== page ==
2020-08-05 Update: With the August primary results, the anti-party faction’s majority on City Council has been undone. Unfortunately, this means a lame duck Council through November. All items have been updated at least one spiciness level. Stay tuned to #A2Council on Twitter, and try not to fall asleep!
Mild Medium spicy items include putting ranked-choice voting on the November 2020 ballot. If approved by voters, this will amend the City Charter. Full implementation is dependent on enabling legislation from the State – looks like it is HB-5281 and HB-5282. Ranked choice voting is good! You can vote for a third party without ‘throwing away’ your vote. Medium Hot spiciness, looks like there is support to extend the Healthy Streets initiative downtown. There was a kerfuffle about moving this program beyond the DDA borders, but general agreement that it is acceptable for downtown life. I hope it lasts after Covid-19 is behind us. Downtown is so much livelier when people can mill about without needing to dodge car traffic. Imagine what it would be like without a pandemic!
Developments are at least
medium hot, this one is no different. It’s 52 units in nine 3-story buildings with plenty of parking provided in this highway-adjacent parcel. Expect some of the usual posturing around affordable housing and PUDs. It looks like this one follows the R4B zoning pretty closely, so it will be difficult for City Council to seriously consider voting it down.
Hot Flames n’ Spicy short-term rental ordinance is back. It does sensible things like requiring short-term rentals to be registered with the City. More controversial, especially for AirBnB hosts, is it disallows a home being used solely for short-term rentals unless it is in a mixed-use zone. That is, if you live in a residential-zoned home, and it is your primary residence, you can rent out the whole house. You are not allowed to buy a house in a residential zone with the intent of not living there and just renting it out for short-term stays.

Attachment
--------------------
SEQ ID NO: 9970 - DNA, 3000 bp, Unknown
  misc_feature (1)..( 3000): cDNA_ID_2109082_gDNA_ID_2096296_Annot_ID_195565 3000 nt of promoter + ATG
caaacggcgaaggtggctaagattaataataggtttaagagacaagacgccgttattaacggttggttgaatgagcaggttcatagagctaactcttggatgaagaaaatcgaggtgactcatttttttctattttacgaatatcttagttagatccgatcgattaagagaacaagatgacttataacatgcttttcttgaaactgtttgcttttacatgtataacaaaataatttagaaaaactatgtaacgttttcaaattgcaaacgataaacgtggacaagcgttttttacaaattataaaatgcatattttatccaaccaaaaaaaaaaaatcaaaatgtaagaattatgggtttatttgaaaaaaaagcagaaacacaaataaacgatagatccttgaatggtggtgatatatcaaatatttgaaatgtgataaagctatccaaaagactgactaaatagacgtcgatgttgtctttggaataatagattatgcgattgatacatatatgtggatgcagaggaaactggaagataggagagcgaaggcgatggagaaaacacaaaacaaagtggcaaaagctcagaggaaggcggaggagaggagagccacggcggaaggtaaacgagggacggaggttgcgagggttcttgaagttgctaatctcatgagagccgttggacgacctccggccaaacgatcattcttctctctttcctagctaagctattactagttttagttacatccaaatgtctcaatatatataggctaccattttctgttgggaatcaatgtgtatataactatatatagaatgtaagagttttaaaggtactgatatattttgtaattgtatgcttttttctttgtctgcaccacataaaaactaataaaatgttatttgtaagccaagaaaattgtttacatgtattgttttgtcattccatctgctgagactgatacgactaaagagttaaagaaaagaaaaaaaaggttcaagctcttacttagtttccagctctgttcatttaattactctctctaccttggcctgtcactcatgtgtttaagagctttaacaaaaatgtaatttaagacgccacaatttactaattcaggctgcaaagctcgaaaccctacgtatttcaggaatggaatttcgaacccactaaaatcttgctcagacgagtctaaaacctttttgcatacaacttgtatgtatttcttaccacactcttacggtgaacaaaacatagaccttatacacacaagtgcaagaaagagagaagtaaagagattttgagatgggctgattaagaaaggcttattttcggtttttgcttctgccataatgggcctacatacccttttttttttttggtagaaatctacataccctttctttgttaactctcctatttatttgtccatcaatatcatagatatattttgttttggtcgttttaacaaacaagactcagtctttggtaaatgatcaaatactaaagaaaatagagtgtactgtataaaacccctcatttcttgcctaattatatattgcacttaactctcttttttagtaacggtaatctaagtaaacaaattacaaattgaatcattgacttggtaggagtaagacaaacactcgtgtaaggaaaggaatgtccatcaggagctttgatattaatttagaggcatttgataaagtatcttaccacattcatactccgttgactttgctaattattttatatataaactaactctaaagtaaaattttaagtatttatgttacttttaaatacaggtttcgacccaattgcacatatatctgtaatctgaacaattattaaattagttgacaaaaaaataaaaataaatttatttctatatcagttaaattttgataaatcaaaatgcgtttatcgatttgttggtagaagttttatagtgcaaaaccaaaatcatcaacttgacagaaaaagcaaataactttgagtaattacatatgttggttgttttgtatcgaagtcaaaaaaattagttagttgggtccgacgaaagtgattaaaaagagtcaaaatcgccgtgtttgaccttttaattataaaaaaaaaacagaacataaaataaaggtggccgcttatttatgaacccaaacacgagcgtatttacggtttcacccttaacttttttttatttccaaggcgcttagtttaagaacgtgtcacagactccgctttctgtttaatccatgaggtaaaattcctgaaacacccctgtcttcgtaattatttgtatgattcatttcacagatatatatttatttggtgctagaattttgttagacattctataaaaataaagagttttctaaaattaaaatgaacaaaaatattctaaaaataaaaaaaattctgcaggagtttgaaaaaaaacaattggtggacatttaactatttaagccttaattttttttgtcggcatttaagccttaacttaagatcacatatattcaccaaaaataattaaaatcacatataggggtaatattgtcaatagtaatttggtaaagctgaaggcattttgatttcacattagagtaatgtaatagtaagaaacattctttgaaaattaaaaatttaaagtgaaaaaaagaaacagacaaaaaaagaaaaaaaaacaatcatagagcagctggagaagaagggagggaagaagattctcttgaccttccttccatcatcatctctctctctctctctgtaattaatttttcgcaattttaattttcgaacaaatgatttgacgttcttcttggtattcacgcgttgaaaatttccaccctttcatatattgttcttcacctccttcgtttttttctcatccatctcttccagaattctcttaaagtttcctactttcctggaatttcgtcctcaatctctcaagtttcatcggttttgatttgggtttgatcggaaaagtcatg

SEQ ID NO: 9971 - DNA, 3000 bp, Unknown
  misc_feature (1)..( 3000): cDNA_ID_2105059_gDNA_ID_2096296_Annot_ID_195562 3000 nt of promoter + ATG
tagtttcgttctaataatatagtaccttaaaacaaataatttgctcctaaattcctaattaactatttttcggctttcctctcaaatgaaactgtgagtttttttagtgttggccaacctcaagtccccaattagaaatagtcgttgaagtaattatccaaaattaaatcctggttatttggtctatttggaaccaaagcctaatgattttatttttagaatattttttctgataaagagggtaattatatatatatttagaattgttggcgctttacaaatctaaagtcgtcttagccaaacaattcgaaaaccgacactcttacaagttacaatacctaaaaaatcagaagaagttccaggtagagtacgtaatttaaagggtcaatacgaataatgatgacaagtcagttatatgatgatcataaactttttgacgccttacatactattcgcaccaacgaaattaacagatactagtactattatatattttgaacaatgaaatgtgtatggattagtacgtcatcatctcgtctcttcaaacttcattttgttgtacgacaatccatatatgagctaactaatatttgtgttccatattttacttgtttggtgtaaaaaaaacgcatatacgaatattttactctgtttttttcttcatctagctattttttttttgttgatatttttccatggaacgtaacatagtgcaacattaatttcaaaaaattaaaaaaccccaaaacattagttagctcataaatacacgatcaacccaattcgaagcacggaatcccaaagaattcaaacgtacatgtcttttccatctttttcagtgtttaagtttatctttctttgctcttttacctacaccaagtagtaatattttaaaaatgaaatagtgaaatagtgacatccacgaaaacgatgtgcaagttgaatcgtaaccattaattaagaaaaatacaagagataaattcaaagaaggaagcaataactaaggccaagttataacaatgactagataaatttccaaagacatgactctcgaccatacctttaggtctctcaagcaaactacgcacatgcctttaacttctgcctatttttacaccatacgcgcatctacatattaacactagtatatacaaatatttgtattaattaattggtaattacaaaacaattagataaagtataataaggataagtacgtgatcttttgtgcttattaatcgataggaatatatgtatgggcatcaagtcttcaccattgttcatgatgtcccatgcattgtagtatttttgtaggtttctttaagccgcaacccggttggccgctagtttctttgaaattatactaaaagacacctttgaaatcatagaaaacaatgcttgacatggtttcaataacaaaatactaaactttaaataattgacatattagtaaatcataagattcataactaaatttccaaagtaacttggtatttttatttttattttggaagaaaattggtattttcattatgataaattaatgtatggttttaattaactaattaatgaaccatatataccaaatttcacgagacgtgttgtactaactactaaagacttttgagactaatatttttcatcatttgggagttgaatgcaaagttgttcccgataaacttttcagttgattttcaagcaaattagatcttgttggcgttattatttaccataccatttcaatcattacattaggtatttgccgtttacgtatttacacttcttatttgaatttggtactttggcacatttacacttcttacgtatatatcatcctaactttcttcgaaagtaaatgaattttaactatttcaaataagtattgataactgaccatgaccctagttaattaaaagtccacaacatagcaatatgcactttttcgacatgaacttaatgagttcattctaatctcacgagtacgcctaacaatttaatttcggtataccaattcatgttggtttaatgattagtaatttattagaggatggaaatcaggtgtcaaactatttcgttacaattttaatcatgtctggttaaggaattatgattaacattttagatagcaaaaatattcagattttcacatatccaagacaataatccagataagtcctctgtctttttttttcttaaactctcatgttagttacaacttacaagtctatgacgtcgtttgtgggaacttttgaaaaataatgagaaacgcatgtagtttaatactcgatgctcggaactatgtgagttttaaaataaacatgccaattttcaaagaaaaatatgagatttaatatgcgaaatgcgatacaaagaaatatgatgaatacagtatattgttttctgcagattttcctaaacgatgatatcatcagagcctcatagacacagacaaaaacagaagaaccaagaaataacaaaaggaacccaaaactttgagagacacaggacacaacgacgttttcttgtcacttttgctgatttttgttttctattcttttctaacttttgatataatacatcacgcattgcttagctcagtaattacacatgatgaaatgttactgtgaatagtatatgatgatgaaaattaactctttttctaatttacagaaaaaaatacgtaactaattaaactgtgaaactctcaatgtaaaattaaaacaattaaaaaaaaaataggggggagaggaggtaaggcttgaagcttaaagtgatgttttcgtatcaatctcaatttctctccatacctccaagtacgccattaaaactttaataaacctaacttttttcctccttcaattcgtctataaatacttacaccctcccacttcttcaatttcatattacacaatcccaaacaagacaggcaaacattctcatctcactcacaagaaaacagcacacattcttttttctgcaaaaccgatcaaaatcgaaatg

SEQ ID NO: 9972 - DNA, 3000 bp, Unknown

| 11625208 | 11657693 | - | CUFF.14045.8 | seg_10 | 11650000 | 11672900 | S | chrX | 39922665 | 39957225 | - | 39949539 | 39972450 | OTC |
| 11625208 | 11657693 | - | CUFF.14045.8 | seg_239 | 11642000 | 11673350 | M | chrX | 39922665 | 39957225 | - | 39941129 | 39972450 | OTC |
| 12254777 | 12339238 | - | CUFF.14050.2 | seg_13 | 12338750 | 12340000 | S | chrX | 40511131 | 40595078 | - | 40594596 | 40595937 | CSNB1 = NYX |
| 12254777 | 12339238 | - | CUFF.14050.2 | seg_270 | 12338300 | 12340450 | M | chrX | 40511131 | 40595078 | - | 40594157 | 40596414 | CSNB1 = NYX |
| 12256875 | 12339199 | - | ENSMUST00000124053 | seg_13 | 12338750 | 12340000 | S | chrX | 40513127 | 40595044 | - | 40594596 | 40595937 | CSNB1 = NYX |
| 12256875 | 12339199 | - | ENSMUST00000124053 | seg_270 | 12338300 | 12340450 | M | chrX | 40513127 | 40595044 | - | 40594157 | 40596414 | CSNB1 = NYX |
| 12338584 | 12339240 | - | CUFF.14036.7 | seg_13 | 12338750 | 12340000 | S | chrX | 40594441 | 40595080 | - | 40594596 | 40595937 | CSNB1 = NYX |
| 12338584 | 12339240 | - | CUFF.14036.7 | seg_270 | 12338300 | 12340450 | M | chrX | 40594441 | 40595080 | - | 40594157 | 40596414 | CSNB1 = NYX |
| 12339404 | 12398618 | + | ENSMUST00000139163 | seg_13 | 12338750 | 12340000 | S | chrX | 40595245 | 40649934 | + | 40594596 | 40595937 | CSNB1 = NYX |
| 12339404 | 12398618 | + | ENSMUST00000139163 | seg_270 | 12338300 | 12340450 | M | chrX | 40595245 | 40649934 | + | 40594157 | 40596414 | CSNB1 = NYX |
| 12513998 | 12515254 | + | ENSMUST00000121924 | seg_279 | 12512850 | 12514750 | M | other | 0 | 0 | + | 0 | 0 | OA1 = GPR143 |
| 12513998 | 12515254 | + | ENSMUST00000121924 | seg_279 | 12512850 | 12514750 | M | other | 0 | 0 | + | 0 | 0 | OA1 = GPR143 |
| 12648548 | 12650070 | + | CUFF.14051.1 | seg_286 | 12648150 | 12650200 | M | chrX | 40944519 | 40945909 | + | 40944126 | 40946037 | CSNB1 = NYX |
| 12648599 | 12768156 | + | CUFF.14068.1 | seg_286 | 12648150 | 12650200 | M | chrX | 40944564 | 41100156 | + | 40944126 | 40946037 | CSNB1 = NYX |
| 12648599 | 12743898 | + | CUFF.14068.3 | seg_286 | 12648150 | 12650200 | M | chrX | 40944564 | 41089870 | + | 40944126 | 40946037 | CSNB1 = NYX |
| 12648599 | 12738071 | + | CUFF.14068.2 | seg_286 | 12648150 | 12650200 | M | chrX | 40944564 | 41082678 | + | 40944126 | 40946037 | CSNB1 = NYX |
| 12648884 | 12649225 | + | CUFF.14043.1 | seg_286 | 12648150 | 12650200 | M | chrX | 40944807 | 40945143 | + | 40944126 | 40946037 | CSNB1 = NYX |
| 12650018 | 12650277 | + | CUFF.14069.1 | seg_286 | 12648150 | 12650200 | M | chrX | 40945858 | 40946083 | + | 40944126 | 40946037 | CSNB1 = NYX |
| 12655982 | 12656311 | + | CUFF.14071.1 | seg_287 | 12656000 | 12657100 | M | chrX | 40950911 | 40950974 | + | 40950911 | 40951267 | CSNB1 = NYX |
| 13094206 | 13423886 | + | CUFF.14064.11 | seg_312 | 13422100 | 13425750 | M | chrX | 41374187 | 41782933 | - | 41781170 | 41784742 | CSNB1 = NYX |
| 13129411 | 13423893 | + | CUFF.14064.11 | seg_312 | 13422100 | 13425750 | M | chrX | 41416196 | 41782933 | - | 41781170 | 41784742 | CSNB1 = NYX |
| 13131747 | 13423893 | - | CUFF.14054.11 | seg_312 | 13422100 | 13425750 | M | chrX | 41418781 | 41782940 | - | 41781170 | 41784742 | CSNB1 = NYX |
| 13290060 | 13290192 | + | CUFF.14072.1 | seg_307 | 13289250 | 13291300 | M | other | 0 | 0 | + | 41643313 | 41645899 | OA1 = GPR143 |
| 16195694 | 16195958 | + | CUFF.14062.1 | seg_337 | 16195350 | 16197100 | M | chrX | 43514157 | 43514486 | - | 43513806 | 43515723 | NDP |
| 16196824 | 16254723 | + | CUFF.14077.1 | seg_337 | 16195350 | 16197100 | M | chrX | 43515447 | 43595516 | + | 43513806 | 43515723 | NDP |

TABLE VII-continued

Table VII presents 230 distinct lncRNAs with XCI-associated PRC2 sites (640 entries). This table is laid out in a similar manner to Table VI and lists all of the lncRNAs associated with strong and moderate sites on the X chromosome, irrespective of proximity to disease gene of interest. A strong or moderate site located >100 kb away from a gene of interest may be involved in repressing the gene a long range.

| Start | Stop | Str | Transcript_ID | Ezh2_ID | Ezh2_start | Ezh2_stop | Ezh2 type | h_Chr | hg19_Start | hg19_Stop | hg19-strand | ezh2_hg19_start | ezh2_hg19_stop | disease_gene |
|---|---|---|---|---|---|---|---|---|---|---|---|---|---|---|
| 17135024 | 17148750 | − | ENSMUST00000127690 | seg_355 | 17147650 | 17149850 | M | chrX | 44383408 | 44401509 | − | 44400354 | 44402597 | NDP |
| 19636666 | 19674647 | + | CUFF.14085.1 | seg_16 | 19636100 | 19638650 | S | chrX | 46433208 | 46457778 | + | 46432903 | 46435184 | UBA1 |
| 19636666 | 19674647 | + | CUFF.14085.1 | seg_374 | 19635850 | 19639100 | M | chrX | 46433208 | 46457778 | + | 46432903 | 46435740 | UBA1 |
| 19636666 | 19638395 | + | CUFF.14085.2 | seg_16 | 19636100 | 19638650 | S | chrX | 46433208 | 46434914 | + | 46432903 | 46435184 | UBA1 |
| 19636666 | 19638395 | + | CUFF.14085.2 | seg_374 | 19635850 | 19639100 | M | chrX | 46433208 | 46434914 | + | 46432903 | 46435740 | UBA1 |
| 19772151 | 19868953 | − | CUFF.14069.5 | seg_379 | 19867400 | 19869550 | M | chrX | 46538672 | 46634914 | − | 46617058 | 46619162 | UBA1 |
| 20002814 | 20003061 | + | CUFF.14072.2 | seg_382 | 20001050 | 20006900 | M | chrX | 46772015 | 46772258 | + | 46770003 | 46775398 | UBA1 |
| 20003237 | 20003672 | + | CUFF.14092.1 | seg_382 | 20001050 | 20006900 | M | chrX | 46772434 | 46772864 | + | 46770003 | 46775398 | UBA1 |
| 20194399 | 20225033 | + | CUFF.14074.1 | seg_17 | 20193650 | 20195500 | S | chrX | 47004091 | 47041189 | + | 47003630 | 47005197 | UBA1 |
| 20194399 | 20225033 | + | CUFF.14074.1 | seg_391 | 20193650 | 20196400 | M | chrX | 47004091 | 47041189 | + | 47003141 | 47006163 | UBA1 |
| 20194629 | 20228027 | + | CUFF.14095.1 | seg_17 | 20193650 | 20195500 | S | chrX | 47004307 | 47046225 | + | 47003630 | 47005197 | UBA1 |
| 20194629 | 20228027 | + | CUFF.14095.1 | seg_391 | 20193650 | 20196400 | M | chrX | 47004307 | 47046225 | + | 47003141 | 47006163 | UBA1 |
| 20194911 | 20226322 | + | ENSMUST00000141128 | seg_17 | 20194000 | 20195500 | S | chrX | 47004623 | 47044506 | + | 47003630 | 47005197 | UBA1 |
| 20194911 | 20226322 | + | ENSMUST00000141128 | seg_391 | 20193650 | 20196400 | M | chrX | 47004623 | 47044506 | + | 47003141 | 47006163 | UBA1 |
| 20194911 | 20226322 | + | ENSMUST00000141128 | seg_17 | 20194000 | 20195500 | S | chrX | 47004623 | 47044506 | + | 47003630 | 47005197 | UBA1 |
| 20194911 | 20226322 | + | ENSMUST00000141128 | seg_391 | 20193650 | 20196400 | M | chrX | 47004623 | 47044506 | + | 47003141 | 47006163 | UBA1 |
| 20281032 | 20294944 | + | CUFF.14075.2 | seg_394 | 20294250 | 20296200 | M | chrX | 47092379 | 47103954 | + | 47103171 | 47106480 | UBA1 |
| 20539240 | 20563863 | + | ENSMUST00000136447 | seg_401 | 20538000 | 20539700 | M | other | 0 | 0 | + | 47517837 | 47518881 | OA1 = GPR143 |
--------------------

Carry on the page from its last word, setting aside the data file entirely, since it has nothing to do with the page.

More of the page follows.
Mixed-used zones are anything that allows a combination of commercial and residential uses on the same parcel. Most of the City is NOT zoned this way. Short-term rental is defined as anything for 30 days or less.
There are many people managing short-term rentals who do not like the mixed-use requirement. Many of them spoke at the first reading of this ordinance. My understanding is they have a credible law suit to have their existing STRs in residential zones grandfathered in.
If you’ve ever used a short-term rental, you know how useful they can be. They provide a nice alternative to hotels. They fill a need for travelers as well as people who need stop-gap housing. People wanting to stay near loved ones for extended medical treatment at U-M, for example. It seems limiting STRs in an attempt to make more housing available for ‘long term’ residents is a fool’s errand. If there is not enough housing, build more housing. We can make room for people staying in Ann Arbor for 1 week, 30 days, 3 months, 3 years, or longer.
The STR rental ordinance is subject to a public hearing. You do not need to sign-up in advance to speak about it, and the number of speakers on this specific item is not limited.
Remember to follow the Twitter #A2Council hashtag to stay up-to-date between and during City Council meetings.